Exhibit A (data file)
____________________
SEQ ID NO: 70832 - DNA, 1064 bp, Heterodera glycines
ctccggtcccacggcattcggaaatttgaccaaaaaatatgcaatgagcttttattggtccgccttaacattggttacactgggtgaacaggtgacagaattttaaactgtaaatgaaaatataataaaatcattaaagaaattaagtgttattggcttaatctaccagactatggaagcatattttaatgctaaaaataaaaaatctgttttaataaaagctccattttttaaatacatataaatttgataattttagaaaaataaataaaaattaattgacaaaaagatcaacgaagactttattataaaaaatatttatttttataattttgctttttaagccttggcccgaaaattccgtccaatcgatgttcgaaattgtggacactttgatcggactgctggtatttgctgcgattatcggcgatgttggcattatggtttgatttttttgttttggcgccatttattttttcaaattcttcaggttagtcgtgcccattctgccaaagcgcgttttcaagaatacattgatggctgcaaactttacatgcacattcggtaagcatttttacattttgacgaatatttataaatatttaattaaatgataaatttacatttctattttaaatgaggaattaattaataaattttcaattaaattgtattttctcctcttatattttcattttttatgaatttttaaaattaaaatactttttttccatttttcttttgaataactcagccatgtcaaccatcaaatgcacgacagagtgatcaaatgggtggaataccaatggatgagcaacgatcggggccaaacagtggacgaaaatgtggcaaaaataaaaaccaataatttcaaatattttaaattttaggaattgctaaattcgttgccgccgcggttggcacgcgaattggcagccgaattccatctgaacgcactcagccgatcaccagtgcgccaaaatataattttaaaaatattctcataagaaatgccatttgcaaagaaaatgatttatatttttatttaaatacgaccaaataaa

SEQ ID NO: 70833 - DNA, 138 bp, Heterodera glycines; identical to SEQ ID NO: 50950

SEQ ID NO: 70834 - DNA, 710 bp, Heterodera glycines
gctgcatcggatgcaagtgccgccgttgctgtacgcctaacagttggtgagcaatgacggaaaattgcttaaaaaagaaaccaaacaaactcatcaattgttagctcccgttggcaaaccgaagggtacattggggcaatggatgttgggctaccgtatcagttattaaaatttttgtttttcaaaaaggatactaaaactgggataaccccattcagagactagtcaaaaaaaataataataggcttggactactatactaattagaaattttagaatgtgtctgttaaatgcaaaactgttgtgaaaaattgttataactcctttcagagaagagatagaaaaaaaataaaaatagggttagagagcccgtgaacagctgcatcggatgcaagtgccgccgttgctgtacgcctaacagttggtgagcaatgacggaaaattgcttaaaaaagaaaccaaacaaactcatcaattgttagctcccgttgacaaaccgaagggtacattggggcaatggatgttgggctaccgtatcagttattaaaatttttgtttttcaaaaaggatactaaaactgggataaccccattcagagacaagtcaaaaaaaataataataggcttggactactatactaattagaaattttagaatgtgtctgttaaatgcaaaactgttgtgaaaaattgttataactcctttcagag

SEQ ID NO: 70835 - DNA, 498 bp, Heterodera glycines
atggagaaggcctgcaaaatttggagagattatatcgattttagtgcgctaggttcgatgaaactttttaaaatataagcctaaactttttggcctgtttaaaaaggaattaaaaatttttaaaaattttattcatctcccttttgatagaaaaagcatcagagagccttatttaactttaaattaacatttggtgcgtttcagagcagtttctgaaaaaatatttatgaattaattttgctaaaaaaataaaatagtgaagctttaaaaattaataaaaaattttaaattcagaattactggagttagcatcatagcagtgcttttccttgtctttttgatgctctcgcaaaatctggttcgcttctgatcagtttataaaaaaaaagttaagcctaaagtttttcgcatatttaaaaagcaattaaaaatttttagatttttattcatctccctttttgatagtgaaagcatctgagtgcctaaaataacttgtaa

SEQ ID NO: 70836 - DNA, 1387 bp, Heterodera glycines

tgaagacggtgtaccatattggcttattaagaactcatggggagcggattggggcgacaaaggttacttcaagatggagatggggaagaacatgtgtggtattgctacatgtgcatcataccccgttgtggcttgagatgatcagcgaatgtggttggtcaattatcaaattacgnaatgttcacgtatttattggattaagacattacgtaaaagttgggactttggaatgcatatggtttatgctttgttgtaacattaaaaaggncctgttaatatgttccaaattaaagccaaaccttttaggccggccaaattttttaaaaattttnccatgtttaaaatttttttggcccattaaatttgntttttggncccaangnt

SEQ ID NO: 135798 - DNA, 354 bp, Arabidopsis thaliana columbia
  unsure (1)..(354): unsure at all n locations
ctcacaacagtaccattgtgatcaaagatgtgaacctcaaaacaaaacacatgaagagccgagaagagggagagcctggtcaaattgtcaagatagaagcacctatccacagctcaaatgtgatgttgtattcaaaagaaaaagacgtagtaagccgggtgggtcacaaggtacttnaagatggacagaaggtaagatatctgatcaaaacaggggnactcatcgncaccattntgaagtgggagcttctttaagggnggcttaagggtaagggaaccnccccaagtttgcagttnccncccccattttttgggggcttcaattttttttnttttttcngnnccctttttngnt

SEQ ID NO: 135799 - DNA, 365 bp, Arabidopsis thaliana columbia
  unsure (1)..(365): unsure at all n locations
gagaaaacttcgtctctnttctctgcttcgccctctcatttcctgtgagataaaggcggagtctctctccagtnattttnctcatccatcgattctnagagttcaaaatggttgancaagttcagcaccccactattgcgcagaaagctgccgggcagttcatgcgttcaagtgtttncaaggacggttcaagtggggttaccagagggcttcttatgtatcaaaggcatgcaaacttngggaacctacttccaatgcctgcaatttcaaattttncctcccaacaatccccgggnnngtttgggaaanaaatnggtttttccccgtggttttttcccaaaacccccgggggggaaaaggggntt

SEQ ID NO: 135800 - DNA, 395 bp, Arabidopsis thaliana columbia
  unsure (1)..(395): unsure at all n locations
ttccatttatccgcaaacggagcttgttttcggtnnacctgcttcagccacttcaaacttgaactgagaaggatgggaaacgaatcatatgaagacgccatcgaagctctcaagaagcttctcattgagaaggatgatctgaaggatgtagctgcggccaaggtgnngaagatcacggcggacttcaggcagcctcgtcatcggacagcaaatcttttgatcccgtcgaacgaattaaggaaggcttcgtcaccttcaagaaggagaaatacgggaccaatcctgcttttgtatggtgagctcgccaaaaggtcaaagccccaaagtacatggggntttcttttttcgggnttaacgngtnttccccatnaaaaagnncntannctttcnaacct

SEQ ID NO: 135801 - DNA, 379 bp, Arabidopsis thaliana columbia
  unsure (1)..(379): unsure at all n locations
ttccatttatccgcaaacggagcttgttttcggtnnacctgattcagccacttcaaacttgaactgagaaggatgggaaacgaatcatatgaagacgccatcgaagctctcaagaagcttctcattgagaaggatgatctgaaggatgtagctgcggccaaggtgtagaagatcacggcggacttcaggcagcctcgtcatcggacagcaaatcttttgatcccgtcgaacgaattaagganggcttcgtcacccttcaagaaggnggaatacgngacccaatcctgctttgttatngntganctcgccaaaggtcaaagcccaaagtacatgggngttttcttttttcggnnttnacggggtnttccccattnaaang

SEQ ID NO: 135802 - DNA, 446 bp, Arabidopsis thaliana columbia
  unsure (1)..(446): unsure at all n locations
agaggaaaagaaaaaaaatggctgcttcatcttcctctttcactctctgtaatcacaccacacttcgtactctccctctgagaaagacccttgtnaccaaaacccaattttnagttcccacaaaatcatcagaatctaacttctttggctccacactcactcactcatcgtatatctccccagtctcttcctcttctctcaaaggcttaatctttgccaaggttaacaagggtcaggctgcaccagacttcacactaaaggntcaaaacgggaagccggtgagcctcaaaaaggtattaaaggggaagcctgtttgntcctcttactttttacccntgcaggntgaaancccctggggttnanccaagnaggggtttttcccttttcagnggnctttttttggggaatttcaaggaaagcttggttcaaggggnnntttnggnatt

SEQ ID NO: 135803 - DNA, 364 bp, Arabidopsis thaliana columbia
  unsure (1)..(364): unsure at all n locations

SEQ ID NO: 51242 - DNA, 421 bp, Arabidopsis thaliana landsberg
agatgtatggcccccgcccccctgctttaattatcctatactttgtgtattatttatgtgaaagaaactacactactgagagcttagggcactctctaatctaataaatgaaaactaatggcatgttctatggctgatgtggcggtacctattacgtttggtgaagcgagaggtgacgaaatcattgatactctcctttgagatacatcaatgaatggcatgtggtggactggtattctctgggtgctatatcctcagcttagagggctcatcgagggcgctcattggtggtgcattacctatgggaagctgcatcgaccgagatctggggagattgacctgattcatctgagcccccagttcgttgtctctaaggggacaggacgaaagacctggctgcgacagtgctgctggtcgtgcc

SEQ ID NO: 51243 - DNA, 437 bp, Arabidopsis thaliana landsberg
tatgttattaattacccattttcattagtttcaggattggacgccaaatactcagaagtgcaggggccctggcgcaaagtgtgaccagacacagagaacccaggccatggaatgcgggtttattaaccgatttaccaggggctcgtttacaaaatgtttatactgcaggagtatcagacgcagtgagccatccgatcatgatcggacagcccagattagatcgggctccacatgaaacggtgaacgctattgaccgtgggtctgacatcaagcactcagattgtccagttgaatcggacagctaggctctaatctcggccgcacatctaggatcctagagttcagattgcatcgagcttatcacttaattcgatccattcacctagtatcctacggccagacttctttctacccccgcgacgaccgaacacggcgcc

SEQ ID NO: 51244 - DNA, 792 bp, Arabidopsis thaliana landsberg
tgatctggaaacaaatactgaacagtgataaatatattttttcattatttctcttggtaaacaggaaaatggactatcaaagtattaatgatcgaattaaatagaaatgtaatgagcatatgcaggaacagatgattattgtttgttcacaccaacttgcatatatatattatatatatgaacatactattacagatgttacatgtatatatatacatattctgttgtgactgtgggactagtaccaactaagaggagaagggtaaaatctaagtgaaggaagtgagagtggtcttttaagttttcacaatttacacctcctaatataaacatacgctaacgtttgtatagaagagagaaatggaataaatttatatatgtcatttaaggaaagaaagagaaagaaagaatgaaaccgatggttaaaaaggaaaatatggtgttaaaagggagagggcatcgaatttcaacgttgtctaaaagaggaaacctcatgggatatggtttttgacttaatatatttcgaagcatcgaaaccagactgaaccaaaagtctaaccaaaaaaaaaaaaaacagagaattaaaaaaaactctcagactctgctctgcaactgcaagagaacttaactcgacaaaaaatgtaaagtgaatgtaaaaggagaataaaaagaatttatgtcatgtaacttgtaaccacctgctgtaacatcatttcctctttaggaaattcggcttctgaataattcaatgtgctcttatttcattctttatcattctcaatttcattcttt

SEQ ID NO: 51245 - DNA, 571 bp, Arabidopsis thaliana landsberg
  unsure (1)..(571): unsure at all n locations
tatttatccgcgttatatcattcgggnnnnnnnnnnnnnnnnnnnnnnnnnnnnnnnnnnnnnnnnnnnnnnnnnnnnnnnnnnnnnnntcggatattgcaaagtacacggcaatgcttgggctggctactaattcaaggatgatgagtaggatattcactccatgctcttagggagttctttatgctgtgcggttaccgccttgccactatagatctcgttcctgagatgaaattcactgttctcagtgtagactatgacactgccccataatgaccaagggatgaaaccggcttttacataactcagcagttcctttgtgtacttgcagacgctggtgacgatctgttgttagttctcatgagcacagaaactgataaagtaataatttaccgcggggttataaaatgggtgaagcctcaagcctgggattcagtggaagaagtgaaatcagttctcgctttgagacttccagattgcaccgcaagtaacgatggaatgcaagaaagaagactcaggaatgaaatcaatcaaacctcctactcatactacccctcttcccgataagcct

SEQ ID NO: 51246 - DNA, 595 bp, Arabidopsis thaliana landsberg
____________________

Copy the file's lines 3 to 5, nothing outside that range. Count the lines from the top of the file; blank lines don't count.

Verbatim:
SEQ ID NO: 70833 - DNA, 138 bp, Heterodera glycines; identical to SEQ ID NO: 50950

SEQ ID NO: 70834 - DNA, 710 bp, Heterodera glycines
gctgcatcggatgcaagtgccgccgttgctgtacgcctaacagttggtgagcaatgacggaaaattgcttaaaaaagaaaccaaacaaactcatcaattgttagctcccgttggcaaaccgaagggtacattggggcaatggatgttgggctaccgtatcagttattaaaatttttgtttttcaaaaaggatactaaaactgggataaccccattcagagactagtcaaaaaaaataataataggcttggactactatactaattagaaattttagaatgtgtctgttaaatgcaaaactgttgtgaaaaattgttataactcctttcagagaagagatagaaaaaaaataaaaatagggttagagagcccgtgaacagctgcatcggatgcaagtgccgccgttgctgtacgcctaacagttggtgagcaatgacggaaaattgcttaaaaaagaaaccaaacaaactcatcaattgttagctcccgttgacaaaccgaagggtacattggggcaatggatgttgggctaccgtatcagttattaaaatttttgtttttcaaaaaggatactaaaactgggataaccccattcagagacaagtcaaaaaaaataataataggcttggactactatactaattagaaattttagaatgtgtctgttaaatgcaaaactgttgtgaaaaattgttataactcctttcagag